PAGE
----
Tired of your friends and family making fun of your circa-1990 Compaq Presario? The solution is obvious! Don't have access to a handgun? The other solution is pretty obvious too! Toss your old system in the trash or your neighbor's backyard and step into the future by building a powerful new computer by yourself with the help of this easy to follow guide. You'll be able to play the latest games, make your loved ones reconsider how useless you are, and temporarily forget that all of us are going to die some day.

I'll walk you through the entire process, from selecting the right parts to putting it all together. Before you know it, you'll be driving down the information superhighway in a rowboat instead of the hang glider you've been using. Let's take a look at the components you'll need:

Processor

The type of processor you choose affects nearly every component you'll be using from here on out, so the first thing you should do is determine which chipset is best for you. There are two major brands out there, AMD and Intel. AMD processors are faster when it comes to gaming and video editing, while Intel is better at audio/video encoding and having a blue and orange logo. This guide is assuming you'll want to play games because every other article I write relies on stupid video game references and the possibility of my clever Bionic Commando jokes going unappreciated frightens me, so we'll pick an AMD processor.

The best deal right now is the Athlon 64, with the 64 indicating it's a 64-bit processor as opposed to the 32-bit standard used in the previous generation. As you'd expect, 64-bit is 2.5 times as powerful as 32-bit, so you're really going to be like "wow" every time you run a program. Some might consider such involuntary outbursts as a drawback, but chances are you're lonely and will welcome the sound of any voice at all.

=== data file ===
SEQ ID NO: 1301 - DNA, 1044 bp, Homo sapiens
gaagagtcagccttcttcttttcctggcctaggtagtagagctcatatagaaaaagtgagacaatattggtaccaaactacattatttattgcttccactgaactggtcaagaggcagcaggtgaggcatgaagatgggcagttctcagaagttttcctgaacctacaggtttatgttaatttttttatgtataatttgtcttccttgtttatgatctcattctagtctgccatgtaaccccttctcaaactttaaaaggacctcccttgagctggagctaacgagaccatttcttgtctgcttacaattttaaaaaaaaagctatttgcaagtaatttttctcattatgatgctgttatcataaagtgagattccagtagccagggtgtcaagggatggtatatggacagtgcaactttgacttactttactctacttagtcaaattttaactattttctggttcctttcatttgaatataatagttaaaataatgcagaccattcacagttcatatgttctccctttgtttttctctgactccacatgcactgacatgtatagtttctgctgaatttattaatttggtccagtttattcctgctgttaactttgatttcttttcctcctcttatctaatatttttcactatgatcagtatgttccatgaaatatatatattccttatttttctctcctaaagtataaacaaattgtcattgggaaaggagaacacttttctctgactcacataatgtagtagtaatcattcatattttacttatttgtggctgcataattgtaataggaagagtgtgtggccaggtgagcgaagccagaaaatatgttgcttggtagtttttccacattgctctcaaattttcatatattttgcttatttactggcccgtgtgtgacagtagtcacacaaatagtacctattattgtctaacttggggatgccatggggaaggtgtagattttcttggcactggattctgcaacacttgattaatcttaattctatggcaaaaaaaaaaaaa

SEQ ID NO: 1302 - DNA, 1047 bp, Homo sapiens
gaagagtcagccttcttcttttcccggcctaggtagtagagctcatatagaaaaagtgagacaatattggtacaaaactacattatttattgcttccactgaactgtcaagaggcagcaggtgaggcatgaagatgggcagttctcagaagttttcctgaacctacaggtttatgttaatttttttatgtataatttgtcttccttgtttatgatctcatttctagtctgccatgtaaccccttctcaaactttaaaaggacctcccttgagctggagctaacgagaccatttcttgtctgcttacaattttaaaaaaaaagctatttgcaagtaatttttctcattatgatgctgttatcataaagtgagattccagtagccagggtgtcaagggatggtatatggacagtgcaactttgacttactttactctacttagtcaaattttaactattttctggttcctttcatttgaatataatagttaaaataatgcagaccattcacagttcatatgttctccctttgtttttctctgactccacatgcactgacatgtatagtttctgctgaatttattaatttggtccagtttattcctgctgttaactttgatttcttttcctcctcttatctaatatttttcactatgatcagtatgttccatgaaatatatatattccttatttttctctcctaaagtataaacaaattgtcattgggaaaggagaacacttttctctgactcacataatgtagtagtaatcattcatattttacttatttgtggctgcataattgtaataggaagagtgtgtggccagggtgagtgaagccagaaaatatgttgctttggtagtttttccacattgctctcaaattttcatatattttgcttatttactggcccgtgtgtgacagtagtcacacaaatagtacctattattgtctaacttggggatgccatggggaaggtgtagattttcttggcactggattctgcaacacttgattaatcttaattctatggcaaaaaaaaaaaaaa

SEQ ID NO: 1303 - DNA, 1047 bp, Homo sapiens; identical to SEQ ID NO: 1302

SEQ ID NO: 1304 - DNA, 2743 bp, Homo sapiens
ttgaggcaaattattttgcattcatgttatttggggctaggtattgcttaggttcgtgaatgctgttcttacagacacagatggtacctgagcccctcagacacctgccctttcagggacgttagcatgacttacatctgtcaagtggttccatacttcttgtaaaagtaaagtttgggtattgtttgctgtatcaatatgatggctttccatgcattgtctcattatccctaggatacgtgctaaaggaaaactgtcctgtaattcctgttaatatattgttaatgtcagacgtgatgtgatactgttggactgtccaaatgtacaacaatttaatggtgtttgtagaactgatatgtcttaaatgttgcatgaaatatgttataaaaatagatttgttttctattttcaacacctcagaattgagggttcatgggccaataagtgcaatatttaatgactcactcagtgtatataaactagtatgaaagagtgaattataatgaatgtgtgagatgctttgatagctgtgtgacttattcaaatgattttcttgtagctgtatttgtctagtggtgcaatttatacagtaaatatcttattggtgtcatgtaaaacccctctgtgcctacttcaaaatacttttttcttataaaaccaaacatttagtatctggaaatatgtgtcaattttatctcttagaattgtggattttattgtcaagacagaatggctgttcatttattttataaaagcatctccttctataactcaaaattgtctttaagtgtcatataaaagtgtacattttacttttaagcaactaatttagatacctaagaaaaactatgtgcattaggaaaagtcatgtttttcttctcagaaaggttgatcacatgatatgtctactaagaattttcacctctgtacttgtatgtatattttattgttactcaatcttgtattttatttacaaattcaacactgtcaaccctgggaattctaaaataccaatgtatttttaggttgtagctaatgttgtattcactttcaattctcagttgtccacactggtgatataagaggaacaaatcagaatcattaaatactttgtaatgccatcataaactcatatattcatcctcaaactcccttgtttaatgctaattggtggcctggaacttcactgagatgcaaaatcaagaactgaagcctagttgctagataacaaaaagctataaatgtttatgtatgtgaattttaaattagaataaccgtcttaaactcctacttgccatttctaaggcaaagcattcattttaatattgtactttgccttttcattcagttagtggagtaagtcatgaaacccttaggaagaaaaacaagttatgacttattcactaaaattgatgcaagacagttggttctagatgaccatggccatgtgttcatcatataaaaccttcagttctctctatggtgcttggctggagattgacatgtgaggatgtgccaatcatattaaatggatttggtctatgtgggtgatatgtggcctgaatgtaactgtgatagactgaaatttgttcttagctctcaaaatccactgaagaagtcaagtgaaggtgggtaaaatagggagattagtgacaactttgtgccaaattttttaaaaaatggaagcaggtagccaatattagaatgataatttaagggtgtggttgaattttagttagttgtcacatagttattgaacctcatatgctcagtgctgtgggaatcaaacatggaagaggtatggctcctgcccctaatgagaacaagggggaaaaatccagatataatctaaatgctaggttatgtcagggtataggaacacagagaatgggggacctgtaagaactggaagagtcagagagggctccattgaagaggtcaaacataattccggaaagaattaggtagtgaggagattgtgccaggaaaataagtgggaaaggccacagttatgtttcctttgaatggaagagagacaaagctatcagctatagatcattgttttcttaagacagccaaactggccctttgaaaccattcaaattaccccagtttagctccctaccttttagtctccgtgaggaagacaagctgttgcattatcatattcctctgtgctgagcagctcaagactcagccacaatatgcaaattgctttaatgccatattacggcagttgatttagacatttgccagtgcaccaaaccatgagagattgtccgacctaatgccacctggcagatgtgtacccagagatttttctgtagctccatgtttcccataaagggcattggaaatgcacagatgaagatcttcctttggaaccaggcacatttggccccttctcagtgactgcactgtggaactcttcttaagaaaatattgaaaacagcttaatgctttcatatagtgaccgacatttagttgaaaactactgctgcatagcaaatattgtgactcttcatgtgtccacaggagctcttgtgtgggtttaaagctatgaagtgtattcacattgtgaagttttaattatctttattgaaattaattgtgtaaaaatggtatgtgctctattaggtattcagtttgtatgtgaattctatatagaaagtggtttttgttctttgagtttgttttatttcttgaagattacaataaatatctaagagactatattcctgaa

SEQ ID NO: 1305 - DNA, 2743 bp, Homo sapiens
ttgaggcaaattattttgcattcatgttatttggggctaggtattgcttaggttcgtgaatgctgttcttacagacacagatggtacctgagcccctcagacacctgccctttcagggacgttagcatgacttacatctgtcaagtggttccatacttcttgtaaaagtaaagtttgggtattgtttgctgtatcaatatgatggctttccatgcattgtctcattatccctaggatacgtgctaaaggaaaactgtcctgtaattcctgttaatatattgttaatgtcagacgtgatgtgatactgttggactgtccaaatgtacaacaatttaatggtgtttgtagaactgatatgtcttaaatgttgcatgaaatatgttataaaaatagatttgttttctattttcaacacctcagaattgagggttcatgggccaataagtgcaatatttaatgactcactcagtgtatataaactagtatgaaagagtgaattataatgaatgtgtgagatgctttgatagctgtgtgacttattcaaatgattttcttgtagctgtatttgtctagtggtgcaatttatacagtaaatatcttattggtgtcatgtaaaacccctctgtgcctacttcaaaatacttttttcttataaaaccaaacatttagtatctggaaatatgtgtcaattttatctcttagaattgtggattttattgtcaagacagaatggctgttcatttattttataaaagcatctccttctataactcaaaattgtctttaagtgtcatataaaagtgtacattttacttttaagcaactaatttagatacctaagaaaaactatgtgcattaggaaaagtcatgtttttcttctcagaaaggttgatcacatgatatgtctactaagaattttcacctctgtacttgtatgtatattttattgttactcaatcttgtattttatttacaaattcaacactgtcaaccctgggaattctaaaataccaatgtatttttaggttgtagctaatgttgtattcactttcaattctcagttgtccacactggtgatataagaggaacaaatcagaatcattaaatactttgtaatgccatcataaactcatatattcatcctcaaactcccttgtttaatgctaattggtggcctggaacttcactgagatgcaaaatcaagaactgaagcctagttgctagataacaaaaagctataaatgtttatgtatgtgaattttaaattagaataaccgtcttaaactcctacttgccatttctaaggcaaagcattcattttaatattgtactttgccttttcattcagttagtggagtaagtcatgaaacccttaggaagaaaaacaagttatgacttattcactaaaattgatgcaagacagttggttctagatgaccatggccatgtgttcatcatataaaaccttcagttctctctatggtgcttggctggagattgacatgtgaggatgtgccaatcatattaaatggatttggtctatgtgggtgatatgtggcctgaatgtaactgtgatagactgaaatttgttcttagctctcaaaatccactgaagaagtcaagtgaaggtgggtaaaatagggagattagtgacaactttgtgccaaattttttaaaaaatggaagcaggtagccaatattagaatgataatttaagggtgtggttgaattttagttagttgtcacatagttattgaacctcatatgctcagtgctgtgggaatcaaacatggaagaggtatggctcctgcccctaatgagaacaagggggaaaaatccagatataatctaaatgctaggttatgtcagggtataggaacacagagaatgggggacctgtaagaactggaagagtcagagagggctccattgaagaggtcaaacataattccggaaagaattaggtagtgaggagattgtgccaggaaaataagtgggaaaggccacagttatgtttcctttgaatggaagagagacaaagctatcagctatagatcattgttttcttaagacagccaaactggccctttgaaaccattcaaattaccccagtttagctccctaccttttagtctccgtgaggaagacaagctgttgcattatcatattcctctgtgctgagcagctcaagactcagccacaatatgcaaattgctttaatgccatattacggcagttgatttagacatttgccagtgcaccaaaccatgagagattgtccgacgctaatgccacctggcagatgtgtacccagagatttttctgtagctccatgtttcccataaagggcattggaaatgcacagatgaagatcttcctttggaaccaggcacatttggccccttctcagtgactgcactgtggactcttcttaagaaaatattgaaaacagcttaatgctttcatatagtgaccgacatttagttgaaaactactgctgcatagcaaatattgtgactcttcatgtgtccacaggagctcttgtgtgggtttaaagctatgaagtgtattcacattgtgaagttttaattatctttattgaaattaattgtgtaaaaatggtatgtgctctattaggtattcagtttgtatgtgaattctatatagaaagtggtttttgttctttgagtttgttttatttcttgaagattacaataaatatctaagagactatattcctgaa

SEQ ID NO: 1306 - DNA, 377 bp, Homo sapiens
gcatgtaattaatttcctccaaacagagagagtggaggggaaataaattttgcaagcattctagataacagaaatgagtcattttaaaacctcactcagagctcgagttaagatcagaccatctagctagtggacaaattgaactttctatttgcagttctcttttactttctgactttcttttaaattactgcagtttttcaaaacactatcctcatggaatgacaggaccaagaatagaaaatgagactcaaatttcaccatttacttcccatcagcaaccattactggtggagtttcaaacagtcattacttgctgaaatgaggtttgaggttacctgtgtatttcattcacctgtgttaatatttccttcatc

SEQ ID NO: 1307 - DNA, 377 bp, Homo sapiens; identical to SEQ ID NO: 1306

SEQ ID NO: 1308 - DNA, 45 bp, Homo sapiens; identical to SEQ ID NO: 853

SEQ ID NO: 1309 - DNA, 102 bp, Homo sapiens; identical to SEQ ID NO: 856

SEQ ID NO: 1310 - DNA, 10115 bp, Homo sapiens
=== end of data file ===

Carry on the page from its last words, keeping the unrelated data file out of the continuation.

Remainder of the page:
You'll want to buy the absolute fastest AMD processor on the market, because the 10% difference in speed between a $200 chip and a $1000 one is totally worth it when you consider several factors that I can't think of at the moment.

Motherboard

Motherboards are what every component of your computer plugs into, and they got their curious name from the lactating nipples that were a standard in all computers of the 1980s, a feature that has been rendered obsolete by the introduction of Solitaire.

The processor you chose will determine what socket type your motherboard must have, as the AMD 64 uses Socket 939. You could buy a motherboard with a different socket type and make it work by sort of cramming the processor into the incompatible slot, but that is only recommended for experienced system builders. I recommend nVidia's nForce 4 motherboards, which basically combine a nice feature set with solid onboard audio and networking capabilities built right into the board. As of the time of this writing there are no nForce motherboards designed to follow Asimov's Three Rules of Robotics, so be cautious and wear some sort of protective clothing at all times.

Graphics Card

Despite their misleading name, graphics cards actually enhance the speed and quality at which graphics are displayed. The standard format nowadays is PCI-Express, which got its name from the speed at which compatible cards can render Sonic the Hedgehog running through a loop de loop. All PCI-E graphics cards are built upon a heavily modified version of Sega's blast processing chip, which means they are also able to render blood instead of sweat like competing formats.

Your main choices in PCI-E cards come down to products from two companies: ATI and nVidia. ATI has three capital letters in its name while nVidia only has one, but the placement of nVidia's capital letter is very impressive so I give the nod to them. The best way to determine which specific graphics card you want is to check out the box art for all the nVidia PCI-E cards at your local Best Buy. The box featuring the meanest looking goblin or the hottest fairy/mermaid always contains the best card.